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Earlier this week, Tokyo’s National Museum of Western Art (NMWA) announced that a long-lost Claude Monet painting has been returned after being found “rolled up in the corner of a storage facility at the Louvre Museum in Paris,” according to The Telegraph‘s Danielle Demetriou. Although the painting, “Reflections of the Weeping Willow on the Water-Lily Pond” (1916), was found in either 2016 or 2017 (reports vary), the discovery only recently came to light.
Thought to be a study for Monet’s famed Water Lilies series, the painting once belonged to Kōjirō Matsukata, a Japanese businessman and friend of Monet’s, who bought more than a dozen paintings directly from the artist in the 1920s. Matsukata made his fortune in the shipbuilding industry during World War I and started collecting art almost immediately. He was particularly fond of European art, aspiring to create a museum of his mounting collection of works by Vincent van Gogh, Gustave Courbet, Paul Cézanne, and Auguste Rodin, among others.
During World War II, Matsukata left “Reflections of the Weeping Willow on the Water-Lily Pond” and about 400 other works in Paris for safekeeping. Toward the end of the war, they were requisitioned by the French government as “enemy property.” In 1959, a majority of Matsukata’s collection was returned to Japan. (According to Jane Warren of Express, 14 paintings “were retained by the French to fill in gaps in their national collection.”) Although Matsukata had died nine years previous, his collection was made public in Japan, and a Le Corbusier-designed museum built especially to house it. Tokyo’s National Museum of Western Art remains the only Japanese cultural institution devoted to Western art.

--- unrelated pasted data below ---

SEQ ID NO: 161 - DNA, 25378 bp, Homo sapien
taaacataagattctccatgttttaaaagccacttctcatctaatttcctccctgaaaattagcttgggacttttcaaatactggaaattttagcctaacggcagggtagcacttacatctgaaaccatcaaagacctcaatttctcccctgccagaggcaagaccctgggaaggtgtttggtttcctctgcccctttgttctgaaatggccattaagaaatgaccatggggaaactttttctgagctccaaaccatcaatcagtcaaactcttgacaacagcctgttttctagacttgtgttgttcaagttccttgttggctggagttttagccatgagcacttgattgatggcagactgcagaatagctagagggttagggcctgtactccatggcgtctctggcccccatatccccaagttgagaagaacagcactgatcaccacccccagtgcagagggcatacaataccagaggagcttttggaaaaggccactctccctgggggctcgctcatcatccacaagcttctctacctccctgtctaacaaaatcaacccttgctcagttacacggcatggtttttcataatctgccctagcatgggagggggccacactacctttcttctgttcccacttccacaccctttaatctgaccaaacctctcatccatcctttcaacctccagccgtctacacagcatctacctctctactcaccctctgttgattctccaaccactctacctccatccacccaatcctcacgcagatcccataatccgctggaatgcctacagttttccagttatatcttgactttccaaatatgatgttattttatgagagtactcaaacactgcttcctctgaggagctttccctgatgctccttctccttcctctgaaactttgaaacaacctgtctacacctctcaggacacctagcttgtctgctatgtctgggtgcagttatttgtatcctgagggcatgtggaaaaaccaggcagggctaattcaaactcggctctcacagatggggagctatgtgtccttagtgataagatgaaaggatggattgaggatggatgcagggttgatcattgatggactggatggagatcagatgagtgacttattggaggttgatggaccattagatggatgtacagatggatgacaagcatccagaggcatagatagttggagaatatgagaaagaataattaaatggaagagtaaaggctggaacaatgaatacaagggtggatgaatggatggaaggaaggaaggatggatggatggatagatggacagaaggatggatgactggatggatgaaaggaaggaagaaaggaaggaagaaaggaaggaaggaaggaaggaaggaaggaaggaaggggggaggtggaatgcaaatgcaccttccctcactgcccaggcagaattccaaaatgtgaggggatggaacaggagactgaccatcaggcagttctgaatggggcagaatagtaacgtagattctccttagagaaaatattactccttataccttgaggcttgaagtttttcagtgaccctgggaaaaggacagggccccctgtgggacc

Missing for almost 60 years, “Reflections of the Weeping Willow on the Water-Lily Pond,” a 2-x-4-meter canvas, was found severely damaged, half of it effectively destroyed. After a major restoration, NMWA hopes to put the painting on public display for the first time in 2019.
To showcase this work exactly 500 years after Magellan’s conquest of the Philippines in a space that, 134 years ago, was a “human zoo” of Indigenous people from the Philippines, is certainly poignant.
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In this exhibition, curated by Patrick Flores and presented by Taipei Fine Arts Museum, Paiwan artist Sakuliu reflects on interspecies co-sharing and coexistence.
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The Mandan, Hidatsa, and Arikara (MHA) Nation says tribal leaders were not consulted regarding the relocation of the statue.
The autumn holiday of Sukkot continues to offer solace and community for new generations.